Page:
The heads of state at the Cop21 climate change talks in Paris know that climate change is one of the most urgent problems facing humanity.
They also know that no deal they come up with will be anything like what is needed to solve it.
That hasn’t stopped them schmoozing and congratulating themselves as they make earnest speeches.
But behind all this a great crime is being committed. The polluters who are trashing and looting our planet are setting the green light to carry on.
Some 180 countries have submitted plans for getting their carbon emissions down. These are supposed to keep global warming below 2 degrees.
The pledges are woefully inadequate. If countries stick to them, global emissions will hit 43 billion tonnes a year by 2030.
That’s two and a half times too high to stay within the “carbon budget” target that’s estimated to give a 66 percent chance of keeping below 2 degrees.
Even within the budget warming could go as high as 6 degrees by 2100. In any case countries are not sticking to them.
The European Union and at least six other major economies already threaten their commitments with new coal plants.
Some developing countries made their pledges conditional on aid from richer countries—which have a habit of not stumping up promised cash.
After 20 years of trying, the United Nations (UN) negotiators’ aim to finally reach a legally binding global agreement. US president Barack Obama said he was “optimistic” about reaching a deal.
Any deal would have to be ratified by the US senate, led by Republican climate change “sceptics”. US secretary of state John Kerry admitted that meant there would “definitely not” be a treaty.
Different countries pass each other the buck.
Richer countries say developing countries, whose economies are growing, less advanced and often more polluting should make the bulk of emissions cuts.
Leaders of developing countries ask why they should sacrifice the economic growth that the economically advanced countries, that are responsible for most historic pollution, benefitted from.
This tension creates a drive to find a lowest common denominator. As Chinese president Xi Jinping put it, “Countries should be allowed to seek their own solutions, according to their national interest.”
David Cameron boasted that Britain is one of 75 countries “that already have legally binding climate change legislation” and are “thriving” as a result.
Britain’s Climate Change Act commits to cutting emissions by 80 percent from 1990 to 2050. But it’s mostly sleight of hand.
The target excludes aviation and shipping. A new runway at Heathrow airport could create 210 million tonnes of carbon emissions and none would count.
It also only counts emissions generated in Britain. The decline of manufacturing means these “direct” domestic emissions have been falling for years.
But instead of cutting this pollution, Britain is sending it abroad.
George Osborne’s fracking “revolution” could also bring the world huge new emissions without affecting domestic targets.
In practice the Tories are slashing subsidies for renewables while increasing tax breaks for fossil fuels. This puts Britain well behind many other countries.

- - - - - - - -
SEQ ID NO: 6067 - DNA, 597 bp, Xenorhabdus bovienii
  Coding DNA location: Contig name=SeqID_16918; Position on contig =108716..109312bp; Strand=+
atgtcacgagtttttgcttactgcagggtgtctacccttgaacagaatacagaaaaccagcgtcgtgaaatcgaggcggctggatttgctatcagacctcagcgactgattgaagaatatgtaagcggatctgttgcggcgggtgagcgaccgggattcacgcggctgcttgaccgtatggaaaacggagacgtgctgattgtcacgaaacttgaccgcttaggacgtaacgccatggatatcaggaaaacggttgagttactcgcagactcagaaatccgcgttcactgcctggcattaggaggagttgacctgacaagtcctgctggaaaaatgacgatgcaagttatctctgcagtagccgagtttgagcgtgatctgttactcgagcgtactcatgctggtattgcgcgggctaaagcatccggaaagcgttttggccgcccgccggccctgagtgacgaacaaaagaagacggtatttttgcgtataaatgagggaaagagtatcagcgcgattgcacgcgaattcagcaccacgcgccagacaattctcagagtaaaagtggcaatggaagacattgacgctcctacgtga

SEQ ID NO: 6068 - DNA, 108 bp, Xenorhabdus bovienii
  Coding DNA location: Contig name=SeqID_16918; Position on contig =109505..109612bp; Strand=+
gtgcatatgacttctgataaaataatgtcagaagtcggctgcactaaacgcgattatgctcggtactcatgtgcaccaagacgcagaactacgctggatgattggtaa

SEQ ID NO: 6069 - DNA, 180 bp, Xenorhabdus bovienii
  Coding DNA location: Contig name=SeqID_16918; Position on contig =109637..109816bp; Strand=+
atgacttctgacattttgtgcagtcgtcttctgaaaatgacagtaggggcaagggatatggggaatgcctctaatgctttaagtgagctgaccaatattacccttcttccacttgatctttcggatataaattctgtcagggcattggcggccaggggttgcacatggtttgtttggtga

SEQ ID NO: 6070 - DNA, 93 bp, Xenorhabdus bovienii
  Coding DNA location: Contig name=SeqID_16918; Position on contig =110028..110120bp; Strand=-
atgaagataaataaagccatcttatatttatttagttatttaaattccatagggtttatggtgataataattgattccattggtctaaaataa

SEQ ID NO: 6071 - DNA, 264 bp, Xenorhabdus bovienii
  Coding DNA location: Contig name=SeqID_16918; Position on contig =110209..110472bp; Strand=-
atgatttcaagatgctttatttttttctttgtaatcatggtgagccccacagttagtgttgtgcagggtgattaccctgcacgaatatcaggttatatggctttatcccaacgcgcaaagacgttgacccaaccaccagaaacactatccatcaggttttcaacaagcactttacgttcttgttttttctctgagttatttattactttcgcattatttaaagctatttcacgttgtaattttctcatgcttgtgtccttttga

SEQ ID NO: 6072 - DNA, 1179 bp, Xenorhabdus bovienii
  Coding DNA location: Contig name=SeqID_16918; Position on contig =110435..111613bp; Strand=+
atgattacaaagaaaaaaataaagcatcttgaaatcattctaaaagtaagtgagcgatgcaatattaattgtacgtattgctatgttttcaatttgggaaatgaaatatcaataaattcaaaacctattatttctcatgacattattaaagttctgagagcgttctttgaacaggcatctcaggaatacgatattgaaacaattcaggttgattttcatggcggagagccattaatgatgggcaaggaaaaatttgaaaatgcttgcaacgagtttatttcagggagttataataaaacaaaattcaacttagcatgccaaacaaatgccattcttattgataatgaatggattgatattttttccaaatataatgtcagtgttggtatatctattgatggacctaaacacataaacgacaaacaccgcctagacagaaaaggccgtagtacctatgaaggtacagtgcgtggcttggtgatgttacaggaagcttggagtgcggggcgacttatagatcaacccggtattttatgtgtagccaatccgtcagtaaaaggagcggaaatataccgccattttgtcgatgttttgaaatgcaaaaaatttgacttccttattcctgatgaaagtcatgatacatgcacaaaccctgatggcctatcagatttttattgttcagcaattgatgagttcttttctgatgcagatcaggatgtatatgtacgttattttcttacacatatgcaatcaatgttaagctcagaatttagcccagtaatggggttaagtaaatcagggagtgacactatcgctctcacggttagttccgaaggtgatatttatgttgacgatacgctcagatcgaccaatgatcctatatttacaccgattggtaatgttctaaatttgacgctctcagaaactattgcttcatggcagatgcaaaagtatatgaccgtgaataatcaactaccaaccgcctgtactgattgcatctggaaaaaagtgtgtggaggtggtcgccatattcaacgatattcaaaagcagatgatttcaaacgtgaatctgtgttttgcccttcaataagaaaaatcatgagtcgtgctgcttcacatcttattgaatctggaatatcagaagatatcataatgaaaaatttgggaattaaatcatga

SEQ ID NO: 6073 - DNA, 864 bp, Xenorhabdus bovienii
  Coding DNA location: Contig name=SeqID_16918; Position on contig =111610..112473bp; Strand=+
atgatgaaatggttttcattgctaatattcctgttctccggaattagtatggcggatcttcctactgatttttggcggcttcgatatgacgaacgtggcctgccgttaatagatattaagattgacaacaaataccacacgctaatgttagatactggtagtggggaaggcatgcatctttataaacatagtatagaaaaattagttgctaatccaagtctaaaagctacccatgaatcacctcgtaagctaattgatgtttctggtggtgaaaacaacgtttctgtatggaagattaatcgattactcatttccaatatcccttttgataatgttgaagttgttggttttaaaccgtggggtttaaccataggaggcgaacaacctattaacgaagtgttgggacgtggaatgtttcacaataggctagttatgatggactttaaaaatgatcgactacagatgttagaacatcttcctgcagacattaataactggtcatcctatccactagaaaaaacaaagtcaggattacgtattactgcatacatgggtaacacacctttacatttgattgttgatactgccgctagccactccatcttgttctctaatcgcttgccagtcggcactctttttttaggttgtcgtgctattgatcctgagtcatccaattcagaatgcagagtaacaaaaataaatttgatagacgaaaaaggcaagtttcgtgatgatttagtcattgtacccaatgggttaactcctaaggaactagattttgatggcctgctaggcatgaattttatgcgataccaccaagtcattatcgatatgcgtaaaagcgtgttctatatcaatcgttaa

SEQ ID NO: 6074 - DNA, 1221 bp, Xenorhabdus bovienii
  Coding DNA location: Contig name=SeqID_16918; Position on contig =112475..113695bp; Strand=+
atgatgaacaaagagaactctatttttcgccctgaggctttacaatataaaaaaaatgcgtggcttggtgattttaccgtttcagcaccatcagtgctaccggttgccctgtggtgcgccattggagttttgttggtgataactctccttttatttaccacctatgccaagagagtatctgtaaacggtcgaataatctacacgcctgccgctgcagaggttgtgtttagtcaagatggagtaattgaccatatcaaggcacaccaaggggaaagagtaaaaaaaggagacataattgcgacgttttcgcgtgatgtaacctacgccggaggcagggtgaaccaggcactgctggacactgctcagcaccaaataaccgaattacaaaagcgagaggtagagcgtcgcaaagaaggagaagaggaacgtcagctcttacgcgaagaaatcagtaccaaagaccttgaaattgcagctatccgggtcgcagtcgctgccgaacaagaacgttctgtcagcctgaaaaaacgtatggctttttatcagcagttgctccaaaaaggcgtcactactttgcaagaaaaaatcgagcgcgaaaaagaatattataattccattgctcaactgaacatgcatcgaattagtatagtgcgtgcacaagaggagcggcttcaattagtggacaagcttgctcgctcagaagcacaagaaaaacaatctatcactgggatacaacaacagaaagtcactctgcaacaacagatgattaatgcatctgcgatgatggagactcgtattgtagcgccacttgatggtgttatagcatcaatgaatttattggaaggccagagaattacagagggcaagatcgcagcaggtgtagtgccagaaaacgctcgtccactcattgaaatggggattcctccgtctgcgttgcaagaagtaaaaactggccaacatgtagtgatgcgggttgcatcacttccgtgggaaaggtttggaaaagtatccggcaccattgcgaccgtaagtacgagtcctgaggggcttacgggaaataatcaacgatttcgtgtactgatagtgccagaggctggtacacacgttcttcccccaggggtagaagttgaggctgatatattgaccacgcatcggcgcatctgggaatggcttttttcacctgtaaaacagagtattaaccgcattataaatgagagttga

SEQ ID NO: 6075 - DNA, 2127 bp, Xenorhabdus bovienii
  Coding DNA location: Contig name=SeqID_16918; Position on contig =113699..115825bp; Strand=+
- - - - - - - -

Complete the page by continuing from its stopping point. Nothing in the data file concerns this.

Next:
Alongside the summit, the Sustainable Innovation Forum seeks market-driven, technological solutions. Billionaires such as Bill Gates, Mark Zuckerberg and Richard Branson also held a “Mission Innovation” meeting.
The problem isn’t lack of technologies but how society uses them. Bosses like Zuckerberg, Gates and Branson are part of that problem. So is the market.
Much emphasis is on making renewables cheaper than fossil fuels. But in some cases they already are.
As the magazine New Scientist pointed out last week, “in a free market, wind and solar energy could get too cheap to be profitable”.
This could discourage capitalists from investing in them. Even if they do, it won’t necessarily cut fossil fuel use.
Instead, “if demand for fossil fuels starts to fall, they may get cheaper as producers try to sell as much as they can”.
World leaders are trying to paint climate change as something “everyone” can address—from their own schmoozing to ordinary people’s lifestyle changes.
Not everyone gets an equal say at the summit. While some of the world’s biggest polluting firms got to sponsor it, ordinary people were banned from protesting outside.
We still get responsibility dumped on us. We must change our light bulbs, eat less meat, insulate our homes and use public transport—or else it’s our fault.
But climate change is a social problem, not a collection of individual problems.
Our choices are limited by what’s on offer. Few people choose to spend hours in traffic jams or struggle to heat badly insulated homes.
Even if we try to consume responsibly, corporations will still produce irresponsibly—and spend billions on advertising to create a demand.
French foreign minister Laurent Fabius warned delegates that “there isn’t an alternative solution” because “there isn’t an alternative planet.” We may not like the summits, but they’re better than nothing.
The talks always fail for a reason—our rulers seek deals that don’t touch the system that’s destroying the planet.
A sustainable economy is possible, but only if it is democratically planned with people before profit.
That’s something the bosses, politicians and lobbyists at Cop21 will fight against until their last breaths.
There’s no point waiting for them to reach a deal. No agreement between foxes will ever work out well for the chickens.
If Fabius is right we may as well give up altogether.
But workers have the power not only to defeat the likes of him, but to run the world in a much better way.
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